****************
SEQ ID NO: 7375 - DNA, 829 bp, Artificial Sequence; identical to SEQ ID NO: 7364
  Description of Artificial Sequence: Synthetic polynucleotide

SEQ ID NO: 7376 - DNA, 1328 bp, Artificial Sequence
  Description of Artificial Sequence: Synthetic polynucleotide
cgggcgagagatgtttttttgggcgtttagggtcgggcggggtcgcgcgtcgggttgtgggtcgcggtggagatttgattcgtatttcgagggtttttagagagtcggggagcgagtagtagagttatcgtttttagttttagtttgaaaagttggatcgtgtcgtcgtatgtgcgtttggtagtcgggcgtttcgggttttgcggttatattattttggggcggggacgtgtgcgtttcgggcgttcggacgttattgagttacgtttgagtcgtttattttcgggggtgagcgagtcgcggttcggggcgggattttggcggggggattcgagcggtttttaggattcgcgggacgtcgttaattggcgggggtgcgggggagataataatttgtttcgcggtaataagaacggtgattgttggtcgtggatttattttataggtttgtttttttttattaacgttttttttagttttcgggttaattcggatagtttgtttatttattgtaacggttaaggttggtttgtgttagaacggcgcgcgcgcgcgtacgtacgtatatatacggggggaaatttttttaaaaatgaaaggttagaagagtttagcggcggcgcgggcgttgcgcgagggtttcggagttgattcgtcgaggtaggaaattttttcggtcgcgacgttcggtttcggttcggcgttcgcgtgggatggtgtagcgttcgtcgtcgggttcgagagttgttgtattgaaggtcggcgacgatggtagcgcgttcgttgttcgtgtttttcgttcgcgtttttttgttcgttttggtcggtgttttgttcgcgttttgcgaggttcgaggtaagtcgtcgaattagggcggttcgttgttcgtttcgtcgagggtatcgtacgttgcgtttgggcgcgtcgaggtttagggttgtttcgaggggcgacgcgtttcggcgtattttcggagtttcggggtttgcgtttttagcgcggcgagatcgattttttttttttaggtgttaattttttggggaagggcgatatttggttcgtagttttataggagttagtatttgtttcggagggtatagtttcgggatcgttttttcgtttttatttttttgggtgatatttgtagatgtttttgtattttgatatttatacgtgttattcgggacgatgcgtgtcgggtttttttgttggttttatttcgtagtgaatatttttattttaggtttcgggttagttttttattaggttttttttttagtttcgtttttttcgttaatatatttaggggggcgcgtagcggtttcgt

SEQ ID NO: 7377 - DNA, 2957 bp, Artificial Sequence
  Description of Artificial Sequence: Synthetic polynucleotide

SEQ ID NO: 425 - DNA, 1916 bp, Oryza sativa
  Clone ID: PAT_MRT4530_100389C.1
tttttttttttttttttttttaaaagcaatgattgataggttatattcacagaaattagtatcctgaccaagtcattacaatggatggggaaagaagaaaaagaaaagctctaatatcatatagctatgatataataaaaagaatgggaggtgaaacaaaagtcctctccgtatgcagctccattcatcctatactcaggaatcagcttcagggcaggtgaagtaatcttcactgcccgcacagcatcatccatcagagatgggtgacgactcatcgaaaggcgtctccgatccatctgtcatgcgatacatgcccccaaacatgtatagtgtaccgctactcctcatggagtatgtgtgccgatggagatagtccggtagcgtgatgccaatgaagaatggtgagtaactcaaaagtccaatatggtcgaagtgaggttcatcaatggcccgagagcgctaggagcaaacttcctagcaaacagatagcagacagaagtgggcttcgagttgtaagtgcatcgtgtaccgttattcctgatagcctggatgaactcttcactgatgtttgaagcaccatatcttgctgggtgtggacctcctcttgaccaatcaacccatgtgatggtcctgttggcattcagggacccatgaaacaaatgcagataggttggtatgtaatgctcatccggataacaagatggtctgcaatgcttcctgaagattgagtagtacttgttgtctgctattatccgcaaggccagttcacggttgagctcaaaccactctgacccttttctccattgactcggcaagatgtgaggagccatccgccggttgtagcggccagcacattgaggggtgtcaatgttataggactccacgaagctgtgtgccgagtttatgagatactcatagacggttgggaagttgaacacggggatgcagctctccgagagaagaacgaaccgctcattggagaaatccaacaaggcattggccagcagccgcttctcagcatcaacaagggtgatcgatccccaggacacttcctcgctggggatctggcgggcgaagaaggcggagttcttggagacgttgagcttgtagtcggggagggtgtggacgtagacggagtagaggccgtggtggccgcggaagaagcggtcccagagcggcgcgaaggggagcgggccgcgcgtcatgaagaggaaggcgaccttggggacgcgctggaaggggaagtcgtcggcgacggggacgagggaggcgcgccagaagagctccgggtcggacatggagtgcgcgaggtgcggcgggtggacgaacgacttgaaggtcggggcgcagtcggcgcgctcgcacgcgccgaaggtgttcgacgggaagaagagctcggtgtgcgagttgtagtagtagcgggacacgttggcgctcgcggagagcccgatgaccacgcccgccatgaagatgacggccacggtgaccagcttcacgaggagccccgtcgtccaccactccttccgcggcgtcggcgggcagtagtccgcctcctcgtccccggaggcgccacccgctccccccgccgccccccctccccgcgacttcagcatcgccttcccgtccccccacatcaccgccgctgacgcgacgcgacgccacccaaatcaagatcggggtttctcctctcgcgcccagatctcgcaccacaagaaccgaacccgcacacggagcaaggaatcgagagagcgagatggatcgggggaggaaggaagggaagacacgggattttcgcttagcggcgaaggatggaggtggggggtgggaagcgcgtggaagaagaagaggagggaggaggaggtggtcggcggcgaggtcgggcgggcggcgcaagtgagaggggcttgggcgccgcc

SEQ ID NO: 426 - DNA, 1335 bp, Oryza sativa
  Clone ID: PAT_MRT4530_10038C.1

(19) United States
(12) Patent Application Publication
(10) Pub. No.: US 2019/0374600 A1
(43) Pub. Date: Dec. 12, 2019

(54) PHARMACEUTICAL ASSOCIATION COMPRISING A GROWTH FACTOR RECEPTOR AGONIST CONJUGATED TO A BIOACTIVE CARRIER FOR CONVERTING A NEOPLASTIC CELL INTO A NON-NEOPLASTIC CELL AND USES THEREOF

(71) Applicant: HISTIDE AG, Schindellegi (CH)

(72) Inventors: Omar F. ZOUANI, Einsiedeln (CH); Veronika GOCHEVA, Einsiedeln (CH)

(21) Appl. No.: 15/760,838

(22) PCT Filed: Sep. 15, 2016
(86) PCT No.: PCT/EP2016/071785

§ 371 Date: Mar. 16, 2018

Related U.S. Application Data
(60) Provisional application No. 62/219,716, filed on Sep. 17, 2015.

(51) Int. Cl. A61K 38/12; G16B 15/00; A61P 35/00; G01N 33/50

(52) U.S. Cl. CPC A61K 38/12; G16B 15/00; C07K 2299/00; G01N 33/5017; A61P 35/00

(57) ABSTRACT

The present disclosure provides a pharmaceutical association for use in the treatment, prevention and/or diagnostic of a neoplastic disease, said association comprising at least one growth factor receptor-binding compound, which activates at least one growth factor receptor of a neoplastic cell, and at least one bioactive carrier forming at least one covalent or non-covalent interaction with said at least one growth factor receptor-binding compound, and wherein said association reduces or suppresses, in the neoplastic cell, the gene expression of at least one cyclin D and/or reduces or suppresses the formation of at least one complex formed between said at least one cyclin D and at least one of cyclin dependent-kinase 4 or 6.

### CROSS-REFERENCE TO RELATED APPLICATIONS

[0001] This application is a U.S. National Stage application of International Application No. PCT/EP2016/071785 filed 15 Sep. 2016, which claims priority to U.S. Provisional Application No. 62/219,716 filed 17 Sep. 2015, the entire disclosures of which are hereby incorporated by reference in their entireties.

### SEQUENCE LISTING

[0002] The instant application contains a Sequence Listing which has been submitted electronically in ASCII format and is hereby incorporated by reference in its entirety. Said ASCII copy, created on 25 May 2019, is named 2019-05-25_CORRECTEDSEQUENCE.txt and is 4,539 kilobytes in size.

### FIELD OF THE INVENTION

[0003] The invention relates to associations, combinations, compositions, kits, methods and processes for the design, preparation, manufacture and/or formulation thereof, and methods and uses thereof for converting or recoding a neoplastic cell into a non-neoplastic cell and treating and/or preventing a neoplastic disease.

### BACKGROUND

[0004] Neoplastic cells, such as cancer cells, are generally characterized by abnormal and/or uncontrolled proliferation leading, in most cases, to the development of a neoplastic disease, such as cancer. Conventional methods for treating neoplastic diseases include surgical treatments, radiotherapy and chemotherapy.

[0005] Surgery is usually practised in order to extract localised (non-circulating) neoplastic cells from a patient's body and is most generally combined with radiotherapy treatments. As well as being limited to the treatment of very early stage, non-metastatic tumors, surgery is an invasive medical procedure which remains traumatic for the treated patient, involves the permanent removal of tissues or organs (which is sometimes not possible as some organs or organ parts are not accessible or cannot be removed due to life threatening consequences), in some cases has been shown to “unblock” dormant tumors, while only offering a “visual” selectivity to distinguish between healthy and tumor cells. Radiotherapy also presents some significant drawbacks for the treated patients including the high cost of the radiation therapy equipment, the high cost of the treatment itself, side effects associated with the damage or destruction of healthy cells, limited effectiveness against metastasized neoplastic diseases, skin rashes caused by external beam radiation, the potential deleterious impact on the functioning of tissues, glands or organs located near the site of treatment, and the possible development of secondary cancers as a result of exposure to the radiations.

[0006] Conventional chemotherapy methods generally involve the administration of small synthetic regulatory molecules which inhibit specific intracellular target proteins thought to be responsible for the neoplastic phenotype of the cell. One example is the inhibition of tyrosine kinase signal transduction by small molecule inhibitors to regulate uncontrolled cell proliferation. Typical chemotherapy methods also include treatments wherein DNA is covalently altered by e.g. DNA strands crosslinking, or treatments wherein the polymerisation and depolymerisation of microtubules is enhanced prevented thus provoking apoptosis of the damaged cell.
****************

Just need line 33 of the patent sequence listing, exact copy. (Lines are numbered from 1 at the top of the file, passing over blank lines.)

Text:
[0002] The instant application contains a Sequence Listing which has been submitted electronically in ASCII format and is hereby incorporated by reference in its entirety. Said ASCII copy, created on 25 May 2019, is named 2019-05-25_CORRECTEDSEQUENCE.txt and is 4,539 kilobytes in size.